Becoming a slow(er) talker
April 24, 2016 9:33 AM   Subscribe

I talk fast. Very fast. Sometimes, when stressed or on low sleep, VERY fast indeed. This must stop! My attempts at speaking more slowly, unfortunately, have often verged on self-parody in the opposite direction: far too slow, or like an English actor doing a bad American accent. What are some good ways to slow down my speech and avoid these pitfalls? Thanks!
posted by Going To Maine to Grab Bag (16 answers total) 14 users marked this as a favorite
 
Mindfulness meditation. Start with a structured mindfulness practice, and expand it to being aware of how you are talking.
posted by feckless fecal fear mongering at 9:43 AM on April 24, 2016 [2 favorites]


My attempts at speaking more slowly, unfortunately, have often verged on self-parody in the opposite direction: far too slow, or like an English actor doing a bad American accent.

Has this been confirmed by someone other than you? In learning to speak publicly slower, I felt like a bit of a caricature at first, however others confirmed I sounded entirely normal and eventually that feeling went away.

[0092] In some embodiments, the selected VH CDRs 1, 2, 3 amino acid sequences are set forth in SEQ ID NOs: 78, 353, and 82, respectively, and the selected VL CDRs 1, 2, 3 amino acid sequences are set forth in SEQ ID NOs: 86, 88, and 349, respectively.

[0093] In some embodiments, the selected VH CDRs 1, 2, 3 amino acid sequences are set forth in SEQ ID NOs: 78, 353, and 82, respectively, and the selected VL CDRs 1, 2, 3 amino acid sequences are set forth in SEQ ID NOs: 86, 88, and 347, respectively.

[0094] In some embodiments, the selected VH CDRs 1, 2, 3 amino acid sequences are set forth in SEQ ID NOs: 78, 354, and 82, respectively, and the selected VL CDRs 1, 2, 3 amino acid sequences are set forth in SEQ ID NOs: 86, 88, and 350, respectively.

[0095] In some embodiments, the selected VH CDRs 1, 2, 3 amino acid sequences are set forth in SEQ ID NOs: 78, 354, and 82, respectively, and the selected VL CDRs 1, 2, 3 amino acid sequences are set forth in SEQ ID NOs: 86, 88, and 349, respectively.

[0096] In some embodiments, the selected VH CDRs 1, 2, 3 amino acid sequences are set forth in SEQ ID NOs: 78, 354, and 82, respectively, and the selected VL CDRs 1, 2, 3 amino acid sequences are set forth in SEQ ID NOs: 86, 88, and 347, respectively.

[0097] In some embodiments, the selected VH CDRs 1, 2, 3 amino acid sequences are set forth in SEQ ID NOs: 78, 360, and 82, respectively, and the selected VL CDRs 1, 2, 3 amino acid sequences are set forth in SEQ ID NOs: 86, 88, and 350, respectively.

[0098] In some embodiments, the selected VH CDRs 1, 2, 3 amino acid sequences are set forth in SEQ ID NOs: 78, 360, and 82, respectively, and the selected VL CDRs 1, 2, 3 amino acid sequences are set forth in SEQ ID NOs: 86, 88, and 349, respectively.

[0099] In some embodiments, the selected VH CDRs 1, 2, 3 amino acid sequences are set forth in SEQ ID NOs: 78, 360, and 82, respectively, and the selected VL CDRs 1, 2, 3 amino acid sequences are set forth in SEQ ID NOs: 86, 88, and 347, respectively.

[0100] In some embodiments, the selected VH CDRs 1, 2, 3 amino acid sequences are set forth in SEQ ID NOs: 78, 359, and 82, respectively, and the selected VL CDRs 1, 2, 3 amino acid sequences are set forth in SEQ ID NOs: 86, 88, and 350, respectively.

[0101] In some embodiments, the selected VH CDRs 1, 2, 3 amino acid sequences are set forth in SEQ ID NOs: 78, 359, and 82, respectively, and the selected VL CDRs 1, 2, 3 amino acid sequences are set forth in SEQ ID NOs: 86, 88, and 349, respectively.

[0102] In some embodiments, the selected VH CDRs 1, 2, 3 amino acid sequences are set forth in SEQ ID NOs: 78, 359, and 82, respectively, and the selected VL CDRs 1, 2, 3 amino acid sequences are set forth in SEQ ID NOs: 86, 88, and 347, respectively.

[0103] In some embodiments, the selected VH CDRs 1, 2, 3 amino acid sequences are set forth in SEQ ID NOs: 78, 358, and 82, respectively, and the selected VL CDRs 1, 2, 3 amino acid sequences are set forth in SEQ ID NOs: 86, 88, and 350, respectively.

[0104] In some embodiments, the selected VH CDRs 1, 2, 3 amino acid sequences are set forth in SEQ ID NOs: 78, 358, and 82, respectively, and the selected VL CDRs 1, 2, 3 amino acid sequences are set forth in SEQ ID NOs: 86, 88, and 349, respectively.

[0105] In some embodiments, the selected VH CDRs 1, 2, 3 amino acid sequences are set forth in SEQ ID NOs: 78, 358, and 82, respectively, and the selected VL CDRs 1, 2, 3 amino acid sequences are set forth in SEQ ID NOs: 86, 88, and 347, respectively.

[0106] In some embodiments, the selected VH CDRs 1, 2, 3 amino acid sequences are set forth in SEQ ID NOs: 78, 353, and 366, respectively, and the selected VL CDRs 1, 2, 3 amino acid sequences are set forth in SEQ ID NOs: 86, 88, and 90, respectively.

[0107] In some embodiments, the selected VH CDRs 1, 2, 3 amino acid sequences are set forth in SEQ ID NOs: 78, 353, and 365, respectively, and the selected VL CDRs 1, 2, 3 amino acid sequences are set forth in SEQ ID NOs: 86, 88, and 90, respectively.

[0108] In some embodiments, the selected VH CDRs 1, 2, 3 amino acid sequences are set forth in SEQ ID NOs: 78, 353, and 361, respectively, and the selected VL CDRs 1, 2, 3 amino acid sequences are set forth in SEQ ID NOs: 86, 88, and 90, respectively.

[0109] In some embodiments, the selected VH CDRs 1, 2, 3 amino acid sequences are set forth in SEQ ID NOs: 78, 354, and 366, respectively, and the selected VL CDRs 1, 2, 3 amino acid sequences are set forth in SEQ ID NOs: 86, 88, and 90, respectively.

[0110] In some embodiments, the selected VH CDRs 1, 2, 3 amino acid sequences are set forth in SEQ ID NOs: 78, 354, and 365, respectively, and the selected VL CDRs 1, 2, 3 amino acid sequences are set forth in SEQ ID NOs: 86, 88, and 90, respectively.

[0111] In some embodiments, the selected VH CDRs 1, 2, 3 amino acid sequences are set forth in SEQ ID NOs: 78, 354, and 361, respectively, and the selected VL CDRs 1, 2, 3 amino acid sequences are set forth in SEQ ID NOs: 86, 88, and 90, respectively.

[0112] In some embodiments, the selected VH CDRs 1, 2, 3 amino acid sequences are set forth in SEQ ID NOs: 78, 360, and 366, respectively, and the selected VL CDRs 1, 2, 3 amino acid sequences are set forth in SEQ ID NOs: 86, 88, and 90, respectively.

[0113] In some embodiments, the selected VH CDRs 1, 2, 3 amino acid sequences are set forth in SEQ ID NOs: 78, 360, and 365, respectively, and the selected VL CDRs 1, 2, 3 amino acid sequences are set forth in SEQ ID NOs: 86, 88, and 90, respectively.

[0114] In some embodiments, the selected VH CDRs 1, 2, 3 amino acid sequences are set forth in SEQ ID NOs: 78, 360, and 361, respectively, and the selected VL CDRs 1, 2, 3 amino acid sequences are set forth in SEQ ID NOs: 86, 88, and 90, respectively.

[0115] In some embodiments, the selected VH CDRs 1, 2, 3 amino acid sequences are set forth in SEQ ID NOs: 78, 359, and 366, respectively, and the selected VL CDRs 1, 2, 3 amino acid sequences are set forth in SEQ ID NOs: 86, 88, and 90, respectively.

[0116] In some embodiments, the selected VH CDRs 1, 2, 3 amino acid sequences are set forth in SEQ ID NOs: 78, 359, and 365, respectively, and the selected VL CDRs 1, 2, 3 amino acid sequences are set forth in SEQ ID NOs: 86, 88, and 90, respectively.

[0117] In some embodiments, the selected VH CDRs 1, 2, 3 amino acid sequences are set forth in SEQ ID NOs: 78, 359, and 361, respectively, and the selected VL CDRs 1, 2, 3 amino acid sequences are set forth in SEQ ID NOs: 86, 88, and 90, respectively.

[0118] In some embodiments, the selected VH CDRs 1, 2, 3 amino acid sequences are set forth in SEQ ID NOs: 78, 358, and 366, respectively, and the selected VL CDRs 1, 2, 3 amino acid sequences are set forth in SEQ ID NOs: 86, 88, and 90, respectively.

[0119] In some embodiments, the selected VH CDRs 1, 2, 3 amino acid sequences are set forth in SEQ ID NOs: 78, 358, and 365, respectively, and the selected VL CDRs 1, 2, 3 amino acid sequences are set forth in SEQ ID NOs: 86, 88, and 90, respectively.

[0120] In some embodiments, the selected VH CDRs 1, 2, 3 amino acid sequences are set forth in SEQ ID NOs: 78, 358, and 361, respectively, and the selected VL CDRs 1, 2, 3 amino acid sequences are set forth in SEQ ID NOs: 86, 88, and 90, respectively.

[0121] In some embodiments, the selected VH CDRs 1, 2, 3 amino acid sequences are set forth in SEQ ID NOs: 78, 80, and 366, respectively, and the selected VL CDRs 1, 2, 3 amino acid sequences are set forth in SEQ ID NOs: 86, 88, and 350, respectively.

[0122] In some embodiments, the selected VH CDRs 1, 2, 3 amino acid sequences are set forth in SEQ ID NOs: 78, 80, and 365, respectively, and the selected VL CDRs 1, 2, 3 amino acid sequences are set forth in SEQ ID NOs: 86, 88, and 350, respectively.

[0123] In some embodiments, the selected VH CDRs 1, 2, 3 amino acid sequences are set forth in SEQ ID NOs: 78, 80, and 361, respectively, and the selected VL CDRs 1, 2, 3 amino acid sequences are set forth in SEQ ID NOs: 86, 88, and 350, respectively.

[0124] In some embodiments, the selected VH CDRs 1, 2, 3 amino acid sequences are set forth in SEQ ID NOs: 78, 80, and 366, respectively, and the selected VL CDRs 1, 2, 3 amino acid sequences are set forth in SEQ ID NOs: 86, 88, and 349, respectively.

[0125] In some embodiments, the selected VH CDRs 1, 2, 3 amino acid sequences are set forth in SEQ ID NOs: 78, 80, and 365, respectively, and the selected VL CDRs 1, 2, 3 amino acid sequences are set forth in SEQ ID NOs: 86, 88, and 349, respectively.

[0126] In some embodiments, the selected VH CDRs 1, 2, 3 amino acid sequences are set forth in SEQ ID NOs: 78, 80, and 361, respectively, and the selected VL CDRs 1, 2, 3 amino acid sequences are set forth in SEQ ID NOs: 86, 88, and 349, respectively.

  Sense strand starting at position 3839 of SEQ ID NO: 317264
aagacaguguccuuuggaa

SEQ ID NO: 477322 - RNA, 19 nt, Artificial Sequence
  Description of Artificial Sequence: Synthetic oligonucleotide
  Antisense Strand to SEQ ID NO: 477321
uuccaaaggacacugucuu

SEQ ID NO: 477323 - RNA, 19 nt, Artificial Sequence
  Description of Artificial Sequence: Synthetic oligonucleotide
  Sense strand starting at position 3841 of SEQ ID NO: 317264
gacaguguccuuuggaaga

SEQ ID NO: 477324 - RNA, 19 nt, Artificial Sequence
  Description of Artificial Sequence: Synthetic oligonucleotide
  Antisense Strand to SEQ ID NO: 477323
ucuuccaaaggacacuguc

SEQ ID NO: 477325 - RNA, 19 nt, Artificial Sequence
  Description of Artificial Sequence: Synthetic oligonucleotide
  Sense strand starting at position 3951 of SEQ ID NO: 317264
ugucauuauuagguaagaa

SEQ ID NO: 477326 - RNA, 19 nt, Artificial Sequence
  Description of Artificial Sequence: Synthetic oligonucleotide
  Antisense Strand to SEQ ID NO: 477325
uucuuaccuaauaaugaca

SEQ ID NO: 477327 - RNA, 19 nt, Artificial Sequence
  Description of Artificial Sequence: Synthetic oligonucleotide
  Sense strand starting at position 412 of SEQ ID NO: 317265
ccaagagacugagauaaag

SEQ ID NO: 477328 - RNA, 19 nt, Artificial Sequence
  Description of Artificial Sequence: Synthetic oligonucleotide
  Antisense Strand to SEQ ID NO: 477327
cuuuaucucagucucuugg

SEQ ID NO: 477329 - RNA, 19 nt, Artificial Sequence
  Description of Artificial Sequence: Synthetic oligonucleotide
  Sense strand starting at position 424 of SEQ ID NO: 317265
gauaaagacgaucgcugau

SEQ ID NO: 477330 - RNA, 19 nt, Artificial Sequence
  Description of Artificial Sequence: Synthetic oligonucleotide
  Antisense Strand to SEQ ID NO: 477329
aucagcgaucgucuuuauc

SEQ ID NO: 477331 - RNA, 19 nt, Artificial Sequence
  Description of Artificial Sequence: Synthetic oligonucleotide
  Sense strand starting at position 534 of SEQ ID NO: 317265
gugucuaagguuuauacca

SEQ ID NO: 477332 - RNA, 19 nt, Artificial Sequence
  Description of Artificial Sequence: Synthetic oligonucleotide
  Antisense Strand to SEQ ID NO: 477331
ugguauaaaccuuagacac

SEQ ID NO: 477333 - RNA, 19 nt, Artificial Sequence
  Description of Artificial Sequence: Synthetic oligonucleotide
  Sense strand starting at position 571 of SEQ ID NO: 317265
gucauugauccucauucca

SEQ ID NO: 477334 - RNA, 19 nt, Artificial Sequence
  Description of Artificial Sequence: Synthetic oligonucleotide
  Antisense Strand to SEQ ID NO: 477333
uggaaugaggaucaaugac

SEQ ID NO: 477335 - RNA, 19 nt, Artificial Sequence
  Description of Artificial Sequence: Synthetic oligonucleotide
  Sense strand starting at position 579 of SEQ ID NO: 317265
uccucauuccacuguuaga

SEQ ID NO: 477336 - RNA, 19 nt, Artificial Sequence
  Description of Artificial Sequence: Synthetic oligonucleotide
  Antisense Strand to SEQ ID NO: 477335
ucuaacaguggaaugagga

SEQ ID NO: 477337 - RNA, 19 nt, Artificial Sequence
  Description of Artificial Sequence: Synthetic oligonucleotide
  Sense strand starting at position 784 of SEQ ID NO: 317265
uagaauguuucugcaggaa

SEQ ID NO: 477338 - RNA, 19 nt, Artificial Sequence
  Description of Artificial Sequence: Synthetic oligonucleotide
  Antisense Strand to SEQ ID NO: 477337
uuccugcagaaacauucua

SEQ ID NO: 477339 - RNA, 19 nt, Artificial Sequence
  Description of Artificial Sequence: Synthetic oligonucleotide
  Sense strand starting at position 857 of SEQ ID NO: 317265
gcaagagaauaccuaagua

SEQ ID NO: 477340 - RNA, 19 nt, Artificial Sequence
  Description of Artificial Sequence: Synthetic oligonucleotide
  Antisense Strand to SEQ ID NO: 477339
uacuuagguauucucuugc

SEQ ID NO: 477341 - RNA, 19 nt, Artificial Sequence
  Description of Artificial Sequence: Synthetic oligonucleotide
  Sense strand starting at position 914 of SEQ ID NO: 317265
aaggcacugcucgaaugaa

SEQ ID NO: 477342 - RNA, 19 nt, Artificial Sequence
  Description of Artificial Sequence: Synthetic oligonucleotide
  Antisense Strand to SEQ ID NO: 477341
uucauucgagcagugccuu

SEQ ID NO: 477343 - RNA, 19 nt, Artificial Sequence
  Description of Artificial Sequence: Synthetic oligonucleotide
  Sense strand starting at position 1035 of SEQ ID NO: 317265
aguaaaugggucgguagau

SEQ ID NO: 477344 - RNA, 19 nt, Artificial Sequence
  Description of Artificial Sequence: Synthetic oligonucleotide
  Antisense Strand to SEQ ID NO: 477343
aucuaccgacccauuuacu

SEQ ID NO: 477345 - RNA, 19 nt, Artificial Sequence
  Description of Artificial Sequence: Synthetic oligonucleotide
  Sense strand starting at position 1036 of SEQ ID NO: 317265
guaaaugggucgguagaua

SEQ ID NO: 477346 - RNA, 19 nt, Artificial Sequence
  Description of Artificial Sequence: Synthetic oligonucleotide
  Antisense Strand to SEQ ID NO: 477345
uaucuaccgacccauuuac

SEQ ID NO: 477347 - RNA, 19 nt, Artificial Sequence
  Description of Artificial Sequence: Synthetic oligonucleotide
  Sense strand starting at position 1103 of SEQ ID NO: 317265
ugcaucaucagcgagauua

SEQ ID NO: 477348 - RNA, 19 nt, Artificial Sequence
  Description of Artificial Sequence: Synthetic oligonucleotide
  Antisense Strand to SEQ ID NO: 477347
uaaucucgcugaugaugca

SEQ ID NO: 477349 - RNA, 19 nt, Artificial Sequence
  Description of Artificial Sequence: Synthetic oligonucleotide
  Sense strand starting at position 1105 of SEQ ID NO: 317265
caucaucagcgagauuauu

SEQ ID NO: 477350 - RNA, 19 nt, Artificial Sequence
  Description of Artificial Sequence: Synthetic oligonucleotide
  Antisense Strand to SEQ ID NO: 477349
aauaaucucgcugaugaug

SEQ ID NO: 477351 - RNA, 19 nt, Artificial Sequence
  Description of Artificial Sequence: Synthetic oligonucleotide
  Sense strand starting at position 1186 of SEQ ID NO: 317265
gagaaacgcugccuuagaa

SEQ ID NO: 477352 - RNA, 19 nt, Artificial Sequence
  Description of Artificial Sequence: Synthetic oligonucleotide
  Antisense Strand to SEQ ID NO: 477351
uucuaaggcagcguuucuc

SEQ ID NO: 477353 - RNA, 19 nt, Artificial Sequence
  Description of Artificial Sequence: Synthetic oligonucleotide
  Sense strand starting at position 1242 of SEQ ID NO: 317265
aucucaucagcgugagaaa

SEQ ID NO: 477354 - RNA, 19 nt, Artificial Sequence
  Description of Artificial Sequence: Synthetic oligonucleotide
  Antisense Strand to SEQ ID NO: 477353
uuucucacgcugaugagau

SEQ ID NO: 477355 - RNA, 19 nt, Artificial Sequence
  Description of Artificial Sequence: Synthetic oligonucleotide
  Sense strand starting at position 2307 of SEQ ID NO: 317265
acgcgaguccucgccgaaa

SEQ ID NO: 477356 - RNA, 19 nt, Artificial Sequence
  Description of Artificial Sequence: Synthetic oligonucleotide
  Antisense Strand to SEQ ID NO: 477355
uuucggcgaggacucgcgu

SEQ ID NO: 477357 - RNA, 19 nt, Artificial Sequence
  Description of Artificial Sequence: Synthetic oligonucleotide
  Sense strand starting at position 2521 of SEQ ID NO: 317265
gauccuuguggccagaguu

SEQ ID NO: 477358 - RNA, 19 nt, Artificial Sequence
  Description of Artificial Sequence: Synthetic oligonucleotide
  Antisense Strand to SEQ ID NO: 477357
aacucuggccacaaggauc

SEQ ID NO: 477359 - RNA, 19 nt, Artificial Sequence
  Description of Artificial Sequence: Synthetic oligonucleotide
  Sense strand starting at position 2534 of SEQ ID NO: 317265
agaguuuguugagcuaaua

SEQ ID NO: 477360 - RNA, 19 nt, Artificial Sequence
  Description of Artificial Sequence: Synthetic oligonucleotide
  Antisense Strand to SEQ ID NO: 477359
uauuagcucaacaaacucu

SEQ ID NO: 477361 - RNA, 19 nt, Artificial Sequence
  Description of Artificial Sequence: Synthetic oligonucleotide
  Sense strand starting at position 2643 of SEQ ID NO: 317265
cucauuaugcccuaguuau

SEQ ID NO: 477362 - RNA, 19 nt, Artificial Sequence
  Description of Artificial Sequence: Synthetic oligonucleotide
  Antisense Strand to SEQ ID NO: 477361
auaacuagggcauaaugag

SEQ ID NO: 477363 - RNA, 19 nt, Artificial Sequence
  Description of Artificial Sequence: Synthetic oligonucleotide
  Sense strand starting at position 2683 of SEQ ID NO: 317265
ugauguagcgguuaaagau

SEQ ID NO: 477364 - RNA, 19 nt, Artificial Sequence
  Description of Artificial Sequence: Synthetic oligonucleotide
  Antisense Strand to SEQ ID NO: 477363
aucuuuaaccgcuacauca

posted by scrittore at 9:44 AM on April 24, 2016 [16 favorites]


You can get teleprompter software for your phone/tablet that will run at a specific words-per-minute rate, if you want to practice speaking at different rates to feel what it feels like: PromptSmart.
posted by jacquilynne at 9:45 AM on April 24, 2016 [14 favorites]


2nding the teleprompter. Coming at this from an acting background. We'd use all sorts of aids like that to get a character's speed, inflection, etc. down to a habit.

Don't try to slow down. Time friends speaking and determine their average word per minute. Of the ones whose speaking rate is in the range you want set a prompter to that speed and start trying it to get the feel of the cadence.

Once you feel that you've got it more habituated try recording yourself in normal conversations and then play it back counting your speed.